7:00 Thursday. Carver-Hawkeye Arena, Iowa City. ESPN.
Iowa enters this game with a conference record of 2-5. The two victories were both at home: a 5-point win over Indiana and an overtime win over Wisconsin. They have played a couple good teams close on the road, though: Ohio State (3 points) and Penn State (4 points).
Here’s the scouting report on what the Hawkeyes do really well:
- Shoot the ball.
That’s it. But they do that one thing really, really well. Their team shooting numbers for the season all rank in the top 50 nationally: 52.0/39.2/75.5 (2pt/3pt/FT).
The Hawkeyes’ conference-only 3-point shooting percentage of 37.1% ranks third in the Big Ten, and their free throw percentage of 77.5% ranks first. (Note: I’m going with conference-only stats from here on out, unless otherwise noted.) Iowa is a heavily guard-oriented team; they also rank third and first in the league in the percentage of their total points scored from beyond the arc and the charity stripe, respectively.
With regards to 3-point shooting, there’s good news and bad news in looking at MSU’s defensive profile:
- Good news: Conference opponents are making only 31.9% of their 3-point attempts against MSU. The Spartans have improved their ability to close out on perimeter shooters dramatically since the nonconference season.
- Bad news: Big Ten teams have taken a higher percentage of their field goal attempts from 3-point range (43.8%) against MSU than against any other team in the league. The Spartan defense is designed to force perimeter shots. If Iowa ends up taking 25 shots from beyond the arc, though, there’s a certain statistical chance of a hot streak of shooting keeping them in the game–or winning it for them.
Six Hawkeyes players are averaging 2 or more 3-point attempts per game, led by freshman guard Matt Gatens. Gatens is shooting 50.0% from 3-point range on a team-high 28 attempts.
Surprisingly, Gatens’ scoring average of 12.0 points/game is not the best on the team in Big Ten play. That honor goes to 6’9″ junior center David Palmer, who is averaging 12.3 points/game on 53.1% FG shooting, despite the fact he’s only received substantial minutes in Iowa’s last three games.
Other major contributors are sophomore point guard Jeff Peterson (10.7 points/game, 5.1 assists/game, 27.8% 3pt%) and sophomore guard Jake Kelly (10.1 points/game, 38.5% 3pt%). Senior forward Cyrus Tate may return for this game after sitting out four games with an ankle sprain; Tate was averaging 7.4 points and 6.3 rebounds per game on the season prior to the injury.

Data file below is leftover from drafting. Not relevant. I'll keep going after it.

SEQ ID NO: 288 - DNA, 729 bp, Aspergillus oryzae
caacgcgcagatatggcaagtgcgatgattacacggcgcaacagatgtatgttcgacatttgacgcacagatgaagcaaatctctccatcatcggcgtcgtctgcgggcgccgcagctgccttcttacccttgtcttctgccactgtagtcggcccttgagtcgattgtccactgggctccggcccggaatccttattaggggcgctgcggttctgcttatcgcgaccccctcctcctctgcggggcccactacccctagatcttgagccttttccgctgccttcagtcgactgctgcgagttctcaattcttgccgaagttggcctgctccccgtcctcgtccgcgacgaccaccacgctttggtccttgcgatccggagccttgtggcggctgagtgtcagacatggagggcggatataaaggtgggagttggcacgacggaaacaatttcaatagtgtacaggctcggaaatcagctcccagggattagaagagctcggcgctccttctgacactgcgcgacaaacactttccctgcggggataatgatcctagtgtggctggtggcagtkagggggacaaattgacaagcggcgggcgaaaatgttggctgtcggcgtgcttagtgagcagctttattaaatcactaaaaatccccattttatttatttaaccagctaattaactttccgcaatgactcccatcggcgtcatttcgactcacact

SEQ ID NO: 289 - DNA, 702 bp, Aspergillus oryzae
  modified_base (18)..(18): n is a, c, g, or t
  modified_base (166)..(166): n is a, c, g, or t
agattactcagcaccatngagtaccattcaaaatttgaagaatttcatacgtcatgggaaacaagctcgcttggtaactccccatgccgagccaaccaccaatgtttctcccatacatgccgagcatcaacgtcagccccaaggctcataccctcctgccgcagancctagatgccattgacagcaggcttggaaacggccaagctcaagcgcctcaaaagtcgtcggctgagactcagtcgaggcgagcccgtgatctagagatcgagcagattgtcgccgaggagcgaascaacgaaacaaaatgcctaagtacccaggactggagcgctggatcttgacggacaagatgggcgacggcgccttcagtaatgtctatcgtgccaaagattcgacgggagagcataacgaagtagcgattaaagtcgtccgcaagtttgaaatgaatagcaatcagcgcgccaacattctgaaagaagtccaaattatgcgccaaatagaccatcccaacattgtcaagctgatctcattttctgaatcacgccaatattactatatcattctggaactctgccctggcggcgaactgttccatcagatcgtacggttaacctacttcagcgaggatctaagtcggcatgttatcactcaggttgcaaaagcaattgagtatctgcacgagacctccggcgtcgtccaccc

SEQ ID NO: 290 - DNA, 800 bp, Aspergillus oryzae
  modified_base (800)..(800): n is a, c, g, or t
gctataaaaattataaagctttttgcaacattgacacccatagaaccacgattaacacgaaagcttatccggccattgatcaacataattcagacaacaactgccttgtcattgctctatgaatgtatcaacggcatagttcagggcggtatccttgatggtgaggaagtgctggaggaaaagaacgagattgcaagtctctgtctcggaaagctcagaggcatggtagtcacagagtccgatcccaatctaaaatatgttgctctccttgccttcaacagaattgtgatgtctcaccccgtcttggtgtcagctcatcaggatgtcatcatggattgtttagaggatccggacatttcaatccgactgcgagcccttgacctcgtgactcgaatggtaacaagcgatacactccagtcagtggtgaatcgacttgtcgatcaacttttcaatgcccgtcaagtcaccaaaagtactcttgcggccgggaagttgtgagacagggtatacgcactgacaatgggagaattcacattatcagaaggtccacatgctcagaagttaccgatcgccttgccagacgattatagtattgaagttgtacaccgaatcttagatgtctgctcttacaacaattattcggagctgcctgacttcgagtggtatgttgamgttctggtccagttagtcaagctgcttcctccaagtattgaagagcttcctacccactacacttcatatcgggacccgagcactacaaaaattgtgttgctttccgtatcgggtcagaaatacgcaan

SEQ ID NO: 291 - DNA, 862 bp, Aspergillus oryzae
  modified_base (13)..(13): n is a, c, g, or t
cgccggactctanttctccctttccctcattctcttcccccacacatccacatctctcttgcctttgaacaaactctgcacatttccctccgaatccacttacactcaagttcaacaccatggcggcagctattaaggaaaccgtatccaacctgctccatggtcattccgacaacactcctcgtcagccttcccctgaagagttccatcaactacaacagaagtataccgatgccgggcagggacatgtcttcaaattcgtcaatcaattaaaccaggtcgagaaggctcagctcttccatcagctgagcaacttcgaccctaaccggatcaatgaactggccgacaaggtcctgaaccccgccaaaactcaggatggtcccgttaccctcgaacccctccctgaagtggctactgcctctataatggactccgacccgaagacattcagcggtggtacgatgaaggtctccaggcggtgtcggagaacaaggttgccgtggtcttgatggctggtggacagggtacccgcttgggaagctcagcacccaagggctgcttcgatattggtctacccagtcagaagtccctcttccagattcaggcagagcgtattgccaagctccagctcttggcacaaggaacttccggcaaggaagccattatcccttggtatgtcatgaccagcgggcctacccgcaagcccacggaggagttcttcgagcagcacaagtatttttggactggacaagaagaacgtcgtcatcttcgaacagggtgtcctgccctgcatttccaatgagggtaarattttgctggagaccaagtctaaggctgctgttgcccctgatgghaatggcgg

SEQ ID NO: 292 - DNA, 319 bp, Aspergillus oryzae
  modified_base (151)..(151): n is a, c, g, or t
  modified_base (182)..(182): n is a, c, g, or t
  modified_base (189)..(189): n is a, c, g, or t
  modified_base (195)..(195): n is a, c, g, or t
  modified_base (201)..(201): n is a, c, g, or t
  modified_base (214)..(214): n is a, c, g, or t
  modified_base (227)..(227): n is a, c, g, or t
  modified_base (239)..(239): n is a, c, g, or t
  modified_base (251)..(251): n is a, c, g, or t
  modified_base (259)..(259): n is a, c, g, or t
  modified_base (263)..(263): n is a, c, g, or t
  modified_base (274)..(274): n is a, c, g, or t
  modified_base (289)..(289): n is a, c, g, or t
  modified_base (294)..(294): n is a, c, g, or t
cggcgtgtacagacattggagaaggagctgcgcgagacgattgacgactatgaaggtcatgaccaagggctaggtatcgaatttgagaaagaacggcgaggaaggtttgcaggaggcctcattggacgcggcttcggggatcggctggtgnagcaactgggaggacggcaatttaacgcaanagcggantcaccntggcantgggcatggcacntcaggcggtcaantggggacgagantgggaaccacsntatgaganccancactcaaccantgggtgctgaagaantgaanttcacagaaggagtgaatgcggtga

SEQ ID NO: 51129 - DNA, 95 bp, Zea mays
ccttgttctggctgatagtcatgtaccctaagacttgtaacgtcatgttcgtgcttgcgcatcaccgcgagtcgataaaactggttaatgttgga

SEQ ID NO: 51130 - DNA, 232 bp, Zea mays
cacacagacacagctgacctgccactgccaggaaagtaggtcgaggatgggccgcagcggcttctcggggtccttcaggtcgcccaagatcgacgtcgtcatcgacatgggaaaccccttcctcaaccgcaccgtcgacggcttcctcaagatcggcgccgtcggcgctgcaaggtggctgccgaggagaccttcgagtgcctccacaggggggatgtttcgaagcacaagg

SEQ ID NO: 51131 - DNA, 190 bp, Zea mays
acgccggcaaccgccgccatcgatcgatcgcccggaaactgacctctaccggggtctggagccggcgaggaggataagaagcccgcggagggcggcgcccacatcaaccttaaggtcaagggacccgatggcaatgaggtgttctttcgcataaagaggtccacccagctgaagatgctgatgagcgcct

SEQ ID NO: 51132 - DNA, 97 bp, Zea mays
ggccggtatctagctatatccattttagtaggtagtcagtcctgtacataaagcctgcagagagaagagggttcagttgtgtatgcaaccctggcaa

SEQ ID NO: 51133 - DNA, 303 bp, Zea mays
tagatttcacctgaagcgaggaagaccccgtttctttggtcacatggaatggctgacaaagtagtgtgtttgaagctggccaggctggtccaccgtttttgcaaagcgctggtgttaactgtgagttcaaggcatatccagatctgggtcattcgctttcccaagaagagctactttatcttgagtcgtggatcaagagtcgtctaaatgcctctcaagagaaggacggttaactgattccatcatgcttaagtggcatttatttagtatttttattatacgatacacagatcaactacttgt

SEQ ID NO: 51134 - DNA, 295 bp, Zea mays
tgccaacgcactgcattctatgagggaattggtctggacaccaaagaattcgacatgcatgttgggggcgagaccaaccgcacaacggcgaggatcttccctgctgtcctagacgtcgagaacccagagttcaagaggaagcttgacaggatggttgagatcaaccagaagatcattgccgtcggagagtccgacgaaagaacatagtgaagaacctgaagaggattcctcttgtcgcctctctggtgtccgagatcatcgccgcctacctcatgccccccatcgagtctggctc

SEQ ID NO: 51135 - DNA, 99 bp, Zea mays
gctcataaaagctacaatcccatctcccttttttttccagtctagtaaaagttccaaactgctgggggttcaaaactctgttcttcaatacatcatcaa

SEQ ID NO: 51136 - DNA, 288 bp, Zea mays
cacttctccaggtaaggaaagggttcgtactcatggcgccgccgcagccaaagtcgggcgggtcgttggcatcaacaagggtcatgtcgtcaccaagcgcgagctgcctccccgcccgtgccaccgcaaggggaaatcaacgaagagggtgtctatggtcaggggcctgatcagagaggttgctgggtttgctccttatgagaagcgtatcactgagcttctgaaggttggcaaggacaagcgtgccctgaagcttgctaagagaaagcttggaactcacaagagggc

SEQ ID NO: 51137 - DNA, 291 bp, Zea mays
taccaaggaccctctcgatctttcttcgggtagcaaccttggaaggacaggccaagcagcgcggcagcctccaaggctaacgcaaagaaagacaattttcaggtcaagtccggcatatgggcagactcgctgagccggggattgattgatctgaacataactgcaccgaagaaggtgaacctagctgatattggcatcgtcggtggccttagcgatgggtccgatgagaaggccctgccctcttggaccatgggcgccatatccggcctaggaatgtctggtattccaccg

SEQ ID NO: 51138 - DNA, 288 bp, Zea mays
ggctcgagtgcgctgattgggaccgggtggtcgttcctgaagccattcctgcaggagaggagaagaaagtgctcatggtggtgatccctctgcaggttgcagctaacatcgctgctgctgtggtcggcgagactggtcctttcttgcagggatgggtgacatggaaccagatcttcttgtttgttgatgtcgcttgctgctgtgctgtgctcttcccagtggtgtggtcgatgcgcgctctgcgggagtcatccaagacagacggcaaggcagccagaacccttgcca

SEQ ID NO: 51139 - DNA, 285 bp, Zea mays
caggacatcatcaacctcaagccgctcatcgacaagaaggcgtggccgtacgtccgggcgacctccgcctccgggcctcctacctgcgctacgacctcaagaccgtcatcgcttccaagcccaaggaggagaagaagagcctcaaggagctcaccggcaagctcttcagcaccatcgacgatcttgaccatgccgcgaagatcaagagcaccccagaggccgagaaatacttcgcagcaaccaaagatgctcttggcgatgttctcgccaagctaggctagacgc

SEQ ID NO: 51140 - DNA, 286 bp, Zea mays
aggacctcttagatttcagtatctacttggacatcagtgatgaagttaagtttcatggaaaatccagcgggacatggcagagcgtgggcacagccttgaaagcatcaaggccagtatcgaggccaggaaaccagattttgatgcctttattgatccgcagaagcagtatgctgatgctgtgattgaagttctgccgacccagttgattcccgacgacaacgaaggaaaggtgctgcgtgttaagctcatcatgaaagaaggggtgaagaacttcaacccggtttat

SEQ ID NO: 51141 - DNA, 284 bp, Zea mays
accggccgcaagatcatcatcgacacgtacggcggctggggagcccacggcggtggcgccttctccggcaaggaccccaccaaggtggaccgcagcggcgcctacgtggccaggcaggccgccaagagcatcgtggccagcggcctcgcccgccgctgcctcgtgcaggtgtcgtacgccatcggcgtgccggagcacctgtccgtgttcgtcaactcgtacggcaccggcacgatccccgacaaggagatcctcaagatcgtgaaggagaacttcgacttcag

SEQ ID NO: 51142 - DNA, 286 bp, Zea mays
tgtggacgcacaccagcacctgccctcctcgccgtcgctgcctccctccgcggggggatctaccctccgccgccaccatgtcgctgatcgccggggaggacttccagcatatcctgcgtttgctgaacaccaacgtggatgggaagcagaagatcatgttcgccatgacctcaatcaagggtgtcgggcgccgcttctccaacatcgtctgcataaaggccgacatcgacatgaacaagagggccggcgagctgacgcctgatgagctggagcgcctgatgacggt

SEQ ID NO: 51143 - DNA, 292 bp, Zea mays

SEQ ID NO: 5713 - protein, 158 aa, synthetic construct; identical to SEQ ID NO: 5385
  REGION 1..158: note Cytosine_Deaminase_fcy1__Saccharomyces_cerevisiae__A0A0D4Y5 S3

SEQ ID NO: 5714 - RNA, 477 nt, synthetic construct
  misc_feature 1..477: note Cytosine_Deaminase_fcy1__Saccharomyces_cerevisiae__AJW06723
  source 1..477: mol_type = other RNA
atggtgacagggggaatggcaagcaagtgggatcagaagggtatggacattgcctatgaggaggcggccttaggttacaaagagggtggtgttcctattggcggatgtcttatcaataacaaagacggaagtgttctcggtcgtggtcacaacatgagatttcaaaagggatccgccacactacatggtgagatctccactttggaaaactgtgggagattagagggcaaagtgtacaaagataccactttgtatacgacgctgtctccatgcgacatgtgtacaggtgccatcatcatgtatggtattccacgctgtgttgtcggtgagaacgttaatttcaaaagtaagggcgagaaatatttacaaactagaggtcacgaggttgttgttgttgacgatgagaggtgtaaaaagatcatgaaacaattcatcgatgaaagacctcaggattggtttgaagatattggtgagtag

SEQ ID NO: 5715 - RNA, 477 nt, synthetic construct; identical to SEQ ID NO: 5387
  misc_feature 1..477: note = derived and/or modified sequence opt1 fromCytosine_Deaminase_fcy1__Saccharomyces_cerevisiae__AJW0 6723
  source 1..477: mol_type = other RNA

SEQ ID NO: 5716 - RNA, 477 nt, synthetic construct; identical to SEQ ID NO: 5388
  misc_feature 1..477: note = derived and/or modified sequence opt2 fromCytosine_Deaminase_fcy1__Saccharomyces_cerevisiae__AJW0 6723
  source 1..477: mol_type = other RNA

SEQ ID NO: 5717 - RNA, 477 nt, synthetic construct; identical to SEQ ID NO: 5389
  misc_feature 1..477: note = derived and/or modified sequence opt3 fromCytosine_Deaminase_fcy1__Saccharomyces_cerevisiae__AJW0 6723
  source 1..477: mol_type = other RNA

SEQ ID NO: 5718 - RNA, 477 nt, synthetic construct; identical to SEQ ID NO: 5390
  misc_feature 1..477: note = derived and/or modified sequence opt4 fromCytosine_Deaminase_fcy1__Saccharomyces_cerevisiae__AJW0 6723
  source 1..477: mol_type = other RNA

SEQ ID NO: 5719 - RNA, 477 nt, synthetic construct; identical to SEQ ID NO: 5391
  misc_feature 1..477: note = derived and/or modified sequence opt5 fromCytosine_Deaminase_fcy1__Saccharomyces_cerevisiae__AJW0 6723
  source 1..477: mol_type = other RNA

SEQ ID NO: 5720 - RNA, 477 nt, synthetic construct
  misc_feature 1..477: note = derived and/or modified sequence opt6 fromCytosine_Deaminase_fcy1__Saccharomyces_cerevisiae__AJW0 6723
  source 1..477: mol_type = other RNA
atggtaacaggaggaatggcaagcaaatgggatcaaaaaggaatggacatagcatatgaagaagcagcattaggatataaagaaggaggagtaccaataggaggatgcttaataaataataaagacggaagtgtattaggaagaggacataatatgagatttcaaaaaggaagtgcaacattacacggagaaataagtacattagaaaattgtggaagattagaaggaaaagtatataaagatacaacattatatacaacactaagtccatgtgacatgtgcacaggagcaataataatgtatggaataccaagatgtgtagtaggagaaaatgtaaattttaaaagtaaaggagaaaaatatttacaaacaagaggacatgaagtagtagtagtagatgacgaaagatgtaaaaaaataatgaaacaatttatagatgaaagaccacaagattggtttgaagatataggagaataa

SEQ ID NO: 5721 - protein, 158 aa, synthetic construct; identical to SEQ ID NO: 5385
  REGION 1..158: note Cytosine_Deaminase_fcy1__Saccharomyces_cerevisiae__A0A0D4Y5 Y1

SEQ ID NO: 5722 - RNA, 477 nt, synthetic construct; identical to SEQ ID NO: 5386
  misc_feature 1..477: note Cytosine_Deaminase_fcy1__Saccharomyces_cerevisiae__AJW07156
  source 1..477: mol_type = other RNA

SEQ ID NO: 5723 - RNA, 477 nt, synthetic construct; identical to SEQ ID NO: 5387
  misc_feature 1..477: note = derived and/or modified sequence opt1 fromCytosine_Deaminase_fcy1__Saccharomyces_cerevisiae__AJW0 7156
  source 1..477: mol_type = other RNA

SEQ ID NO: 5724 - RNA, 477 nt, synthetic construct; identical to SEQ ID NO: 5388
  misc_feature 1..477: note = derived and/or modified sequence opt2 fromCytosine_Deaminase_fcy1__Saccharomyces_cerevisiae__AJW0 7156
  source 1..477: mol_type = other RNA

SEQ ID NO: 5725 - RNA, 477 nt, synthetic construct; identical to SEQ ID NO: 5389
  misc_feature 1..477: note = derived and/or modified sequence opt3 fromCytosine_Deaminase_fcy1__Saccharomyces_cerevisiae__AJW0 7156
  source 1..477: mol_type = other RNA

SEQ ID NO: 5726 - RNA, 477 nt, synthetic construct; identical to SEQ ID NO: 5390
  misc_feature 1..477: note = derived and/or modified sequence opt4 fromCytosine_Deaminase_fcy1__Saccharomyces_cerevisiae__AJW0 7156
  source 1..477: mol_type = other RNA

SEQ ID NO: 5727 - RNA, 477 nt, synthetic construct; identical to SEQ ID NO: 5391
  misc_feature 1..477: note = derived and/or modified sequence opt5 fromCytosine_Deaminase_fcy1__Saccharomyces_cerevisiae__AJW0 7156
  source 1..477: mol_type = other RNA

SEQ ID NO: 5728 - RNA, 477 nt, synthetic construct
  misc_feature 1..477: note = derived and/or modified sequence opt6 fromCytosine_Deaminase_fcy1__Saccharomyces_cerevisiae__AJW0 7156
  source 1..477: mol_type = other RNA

(Note: Tate’s 6.3 rebound/game figure is more impressive than it looks at first, given (1) how slow a pace Iowa plays at, (2) the limited number of missed FGs they have on offense due to turnovers and good shooting, and (3) the limited number of field goals attempts Iowa’s opponents miss. Tate sports very solid rebounding percentages of 16.1 and 22.8.)
If you can stop the Iowa shooters from getting good 3-point looks or beat you off the dribble to get to the free throw line, you’re in good shape. They turn the ball over even more than we do (OffTO% of 23.9%, better than only Indiana), and they don’t pull down offensive rebounds (OffReb% of 25.5%, also second worst in the league). Despite the Hawkeyes’ top-notch shooting strokes, they rank only 9th in the conference in offensive efficiency.
Defensively, they’re even less impressive, ranking 10th in the league in efficiency. They’ve allowed all but one conference opponent to post an offensive efficiency figure of 105 or better. They don’t block shots, they don’t steal the ball, and they’re susceptible to giving up offensive boards.
Of the top nine players in Iowa’s rotation, only two of them are taller than 6’7″. If Tate can’t play, that number goes down to one. The Hawkeyes basically play a four-guard lineup. MSU should be able take advantage of their size advantage throughout the game. If Raymar Morgan is healthy enough, this could be a 20-point outing for him. It’s also a great opportunity for Delvon Roe to play 20+ minutes and score some points in the paint. And, the over/under on MSU offensive rebounding percentage in this game is approximately 55%.
Kenpom predicts a 65-61 MSU victory in a 59-point game. Regardless of how well MSU plays, I can almost guarantee this game will not make for exhilerating viewing. Iowa ranks dead last in the league at 59.7 possessions per 40 minutes. If the MSU guards can prevent the Iowa shooters from getting good looks, though, the viewing experience should be much more pleasant than last year’s game was.
Getting out of Iowa City with a win would put MSU at 7-1 in Big Ten play with a three-game home stretch to follow. With Purdue pulling out a squeaker in Madison last night, there’s no margin for error in the conference title race at this point.